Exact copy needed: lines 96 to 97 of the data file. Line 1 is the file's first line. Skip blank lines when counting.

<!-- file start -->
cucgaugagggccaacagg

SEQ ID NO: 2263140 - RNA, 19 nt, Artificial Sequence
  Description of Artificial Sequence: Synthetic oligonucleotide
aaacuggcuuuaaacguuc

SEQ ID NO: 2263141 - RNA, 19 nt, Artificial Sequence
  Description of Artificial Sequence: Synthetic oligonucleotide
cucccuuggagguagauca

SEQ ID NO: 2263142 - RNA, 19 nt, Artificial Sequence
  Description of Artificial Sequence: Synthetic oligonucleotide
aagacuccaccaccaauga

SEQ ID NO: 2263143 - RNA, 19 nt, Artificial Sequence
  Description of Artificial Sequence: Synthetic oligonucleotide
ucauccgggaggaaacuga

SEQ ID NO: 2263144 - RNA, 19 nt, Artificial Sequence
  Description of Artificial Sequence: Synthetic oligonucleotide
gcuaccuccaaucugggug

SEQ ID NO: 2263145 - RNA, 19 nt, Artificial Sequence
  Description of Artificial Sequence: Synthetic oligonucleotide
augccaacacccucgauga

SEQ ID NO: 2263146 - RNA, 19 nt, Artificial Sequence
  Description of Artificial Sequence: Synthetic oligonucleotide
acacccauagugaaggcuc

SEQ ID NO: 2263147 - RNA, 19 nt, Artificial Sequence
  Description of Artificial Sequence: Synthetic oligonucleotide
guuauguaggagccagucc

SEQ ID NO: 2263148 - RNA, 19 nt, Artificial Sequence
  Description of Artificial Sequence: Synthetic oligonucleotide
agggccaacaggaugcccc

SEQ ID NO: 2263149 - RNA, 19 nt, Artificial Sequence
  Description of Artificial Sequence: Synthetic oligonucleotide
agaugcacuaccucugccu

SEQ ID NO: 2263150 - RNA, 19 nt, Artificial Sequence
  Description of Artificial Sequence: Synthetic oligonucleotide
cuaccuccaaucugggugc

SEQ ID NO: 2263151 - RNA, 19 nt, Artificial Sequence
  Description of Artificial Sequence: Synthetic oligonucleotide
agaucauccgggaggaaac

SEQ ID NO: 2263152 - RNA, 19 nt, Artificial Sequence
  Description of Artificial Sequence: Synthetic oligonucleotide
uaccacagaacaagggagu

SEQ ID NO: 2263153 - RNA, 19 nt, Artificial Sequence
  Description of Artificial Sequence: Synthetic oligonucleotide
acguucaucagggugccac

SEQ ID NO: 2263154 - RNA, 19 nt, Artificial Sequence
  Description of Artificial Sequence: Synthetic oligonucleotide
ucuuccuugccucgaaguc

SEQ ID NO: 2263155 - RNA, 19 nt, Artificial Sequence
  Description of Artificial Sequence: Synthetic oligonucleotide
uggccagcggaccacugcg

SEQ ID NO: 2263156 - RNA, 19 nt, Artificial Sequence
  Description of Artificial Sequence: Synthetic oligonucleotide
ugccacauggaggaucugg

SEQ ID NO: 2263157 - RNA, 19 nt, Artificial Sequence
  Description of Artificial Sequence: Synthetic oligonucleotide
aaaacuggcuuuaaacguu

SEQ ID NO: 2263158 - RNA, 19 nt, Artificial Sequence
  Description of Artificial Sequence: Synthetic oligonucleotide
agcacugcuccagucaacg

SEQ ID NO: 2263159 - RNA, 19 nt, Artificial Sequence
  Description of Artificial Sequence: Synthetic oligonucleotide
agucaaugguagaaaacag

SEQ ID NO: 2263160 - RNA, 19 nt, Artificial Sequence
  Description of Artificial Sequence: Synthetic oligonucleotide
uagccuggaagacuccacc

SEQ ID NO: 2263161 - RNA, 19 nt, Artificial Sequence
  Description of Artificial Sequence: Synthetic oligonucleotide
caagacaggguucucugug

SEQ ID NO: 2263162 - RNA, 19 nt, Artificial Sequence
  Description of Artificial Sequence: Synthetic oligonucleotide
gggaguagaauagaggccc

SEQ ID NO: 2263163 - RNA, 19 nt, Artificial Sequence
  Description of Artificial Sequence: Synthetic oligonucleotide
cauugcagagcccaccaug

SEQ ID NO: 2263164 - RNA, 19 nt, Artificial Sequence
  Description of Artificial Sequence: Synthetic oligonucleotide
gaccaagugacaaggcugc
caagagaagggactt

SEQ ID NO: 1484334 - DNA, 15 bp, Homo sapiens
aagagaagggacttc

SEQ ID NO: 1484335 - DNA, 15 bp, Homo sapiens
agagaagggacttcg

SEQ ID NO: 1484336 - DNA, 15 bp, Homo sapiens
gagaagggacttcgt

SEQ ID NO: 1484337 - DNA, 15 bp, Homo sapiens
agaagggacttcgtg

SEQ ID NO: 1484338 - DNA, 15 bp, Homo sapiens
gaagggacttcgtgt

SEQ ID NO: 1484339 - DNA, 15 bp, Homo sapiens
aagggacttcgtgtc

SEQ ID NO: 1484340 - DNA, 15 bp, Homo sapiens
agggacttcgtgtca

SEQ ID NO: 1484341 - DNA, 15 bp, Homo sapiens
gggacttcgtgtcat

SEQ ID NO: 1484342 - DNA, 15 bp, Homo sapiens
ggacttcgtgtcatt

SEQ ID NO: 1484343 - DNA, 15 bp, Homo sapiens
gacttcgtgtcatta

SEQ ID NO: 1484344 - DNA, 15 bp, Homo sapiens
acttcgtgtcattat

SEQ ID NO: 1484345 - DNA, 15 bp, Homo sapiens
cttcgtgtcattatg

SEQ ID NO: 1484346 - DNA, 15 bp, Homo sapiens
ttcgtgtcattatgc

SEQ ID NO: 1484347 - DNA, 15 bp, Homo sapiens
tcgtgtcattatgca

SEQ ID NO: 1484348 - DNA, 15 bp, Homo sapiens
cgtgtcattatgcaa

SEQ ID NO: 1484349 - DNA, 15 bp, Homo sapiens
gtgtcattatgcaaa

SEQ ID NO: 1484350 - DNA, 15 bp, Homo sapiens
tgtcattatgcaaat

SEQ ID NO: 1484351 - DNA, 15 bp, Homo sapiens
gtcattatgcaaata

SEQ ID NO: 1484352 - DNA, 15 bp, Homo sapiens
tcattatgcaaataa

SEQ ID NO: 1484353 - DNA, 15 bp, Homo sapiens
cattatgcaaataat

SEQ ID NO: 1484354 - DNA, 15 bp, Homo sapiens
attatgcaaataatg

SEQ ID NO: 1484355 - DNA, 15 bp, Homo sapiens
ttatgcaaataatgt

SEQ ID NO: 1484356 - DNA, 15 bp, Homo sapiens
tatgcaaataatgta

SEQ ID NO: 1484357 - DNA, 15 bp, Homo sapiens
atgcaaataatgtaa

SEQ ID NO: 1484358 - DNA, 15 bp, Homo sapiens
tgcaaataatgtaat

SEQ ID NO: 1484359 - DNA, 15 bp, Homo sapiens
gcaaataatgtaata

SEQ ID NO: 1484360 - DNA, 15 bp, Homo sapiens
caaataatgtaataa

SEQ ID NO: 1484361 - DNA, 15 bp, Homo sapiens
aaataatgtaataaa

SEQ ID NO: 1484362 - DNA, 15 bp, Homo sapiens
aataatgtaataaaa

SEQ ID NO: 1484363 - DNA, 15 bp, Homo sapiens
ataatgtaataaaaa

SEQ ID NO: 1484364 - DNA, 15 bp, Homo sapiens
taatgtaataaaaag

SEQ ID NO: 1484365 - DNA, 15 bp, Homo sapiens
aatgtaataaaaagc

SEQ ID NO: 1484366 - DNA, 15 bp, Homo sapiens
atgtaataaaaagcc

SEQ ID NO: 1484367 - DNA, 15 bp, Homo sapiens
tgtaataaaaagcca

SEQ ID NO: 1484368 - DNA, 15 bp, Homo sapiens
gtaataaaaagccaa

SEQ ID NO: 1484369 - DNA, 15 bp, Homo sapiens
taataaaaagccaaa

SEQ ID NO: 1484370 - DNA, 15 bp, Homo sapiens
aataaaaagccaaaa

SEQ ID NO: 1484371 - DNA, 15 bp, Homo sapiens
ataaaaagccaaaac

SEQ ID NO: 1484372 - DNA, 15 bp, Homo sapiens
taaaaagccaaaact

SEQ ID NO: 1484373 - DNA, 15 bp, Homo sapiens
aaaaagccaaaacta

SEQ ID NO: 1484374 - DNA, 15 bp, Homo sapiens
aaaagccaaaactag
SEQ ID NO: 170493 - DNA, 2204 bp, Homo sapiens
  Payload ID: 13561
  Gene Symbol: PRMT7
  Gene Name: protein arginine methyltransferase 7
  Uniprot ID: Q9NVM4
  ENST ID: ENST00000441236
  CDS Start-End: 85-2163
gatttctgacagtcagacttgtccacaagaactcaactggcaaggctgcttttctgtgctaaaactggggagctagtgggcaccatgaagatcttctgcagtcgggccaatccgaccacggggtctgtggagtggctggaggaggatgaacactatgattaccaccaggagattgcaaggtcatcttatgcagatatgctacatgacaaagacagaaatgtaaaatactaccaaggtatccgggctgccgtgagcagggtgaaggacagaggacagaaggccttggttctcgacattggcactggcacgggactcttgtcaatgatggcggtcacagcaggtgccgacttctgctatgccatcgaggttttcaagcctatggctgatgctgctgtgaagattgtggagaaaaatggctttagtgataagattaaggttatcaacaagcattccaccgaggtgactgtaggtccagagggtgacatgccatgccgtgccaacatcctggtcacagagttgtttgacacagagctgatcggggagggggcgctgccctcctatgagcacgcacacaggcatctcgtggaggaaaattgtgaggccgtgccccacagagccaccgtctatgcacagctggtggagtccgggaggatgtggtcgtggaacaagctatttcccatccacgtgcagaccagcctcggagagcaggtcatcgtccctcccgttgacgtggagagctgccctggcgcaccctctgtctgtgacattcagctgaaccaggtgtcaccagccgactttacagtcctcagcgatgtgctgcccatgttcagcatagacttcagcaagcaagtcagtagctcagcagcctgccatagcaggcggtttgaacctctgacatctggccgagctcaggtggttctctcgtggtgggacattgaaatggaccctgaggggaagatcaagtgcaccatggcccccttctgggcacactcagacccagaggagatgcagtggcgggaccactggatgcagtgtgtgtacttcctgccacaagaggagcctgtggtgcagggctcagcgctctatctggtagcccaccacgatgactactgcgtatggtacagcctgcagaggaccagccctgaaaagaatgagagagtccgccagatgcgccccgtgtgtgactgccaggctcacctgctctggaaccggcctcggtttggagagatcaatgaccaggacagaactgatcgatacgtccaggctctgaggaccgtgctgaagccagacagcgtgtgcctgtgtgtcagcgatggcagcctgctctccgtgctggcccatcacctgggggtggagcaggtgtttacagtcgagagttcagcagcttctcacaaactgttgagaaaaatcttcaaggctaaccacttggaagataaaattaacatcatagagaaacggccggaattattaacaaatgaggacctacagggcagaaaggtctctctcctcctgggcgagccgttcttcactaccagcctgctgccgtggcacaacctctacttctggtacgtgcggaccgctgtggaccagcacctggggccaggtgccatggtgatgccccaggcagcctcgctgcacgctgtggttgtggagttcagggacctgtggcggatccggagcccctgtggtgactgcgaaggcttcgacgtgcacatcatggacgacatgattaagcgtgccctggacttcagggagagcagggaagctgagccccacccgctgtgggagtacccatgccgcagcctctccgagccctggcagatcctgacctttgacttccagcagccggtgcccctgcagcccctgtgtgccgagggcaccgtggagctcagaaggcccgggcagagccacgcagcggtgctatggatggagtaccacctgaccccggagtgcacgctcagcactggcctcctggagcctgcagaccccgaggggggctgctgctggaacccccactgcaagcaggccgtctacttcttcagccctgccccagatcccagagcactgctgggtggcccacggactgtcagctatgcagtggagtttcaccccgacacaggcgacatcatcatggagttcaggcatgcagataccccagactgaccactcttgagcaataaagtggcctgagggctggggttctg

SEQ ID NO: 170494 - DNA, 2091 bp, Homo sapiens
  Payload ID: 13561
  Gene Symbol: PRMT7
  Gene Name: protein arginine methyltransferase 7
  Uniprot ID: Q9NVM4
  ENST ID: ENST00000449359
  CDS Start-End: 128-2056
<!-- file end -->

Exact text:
SEQ ID NO: 1484343 - DNA, 15 bp, Homo sapiens
gacttcgtgtcatta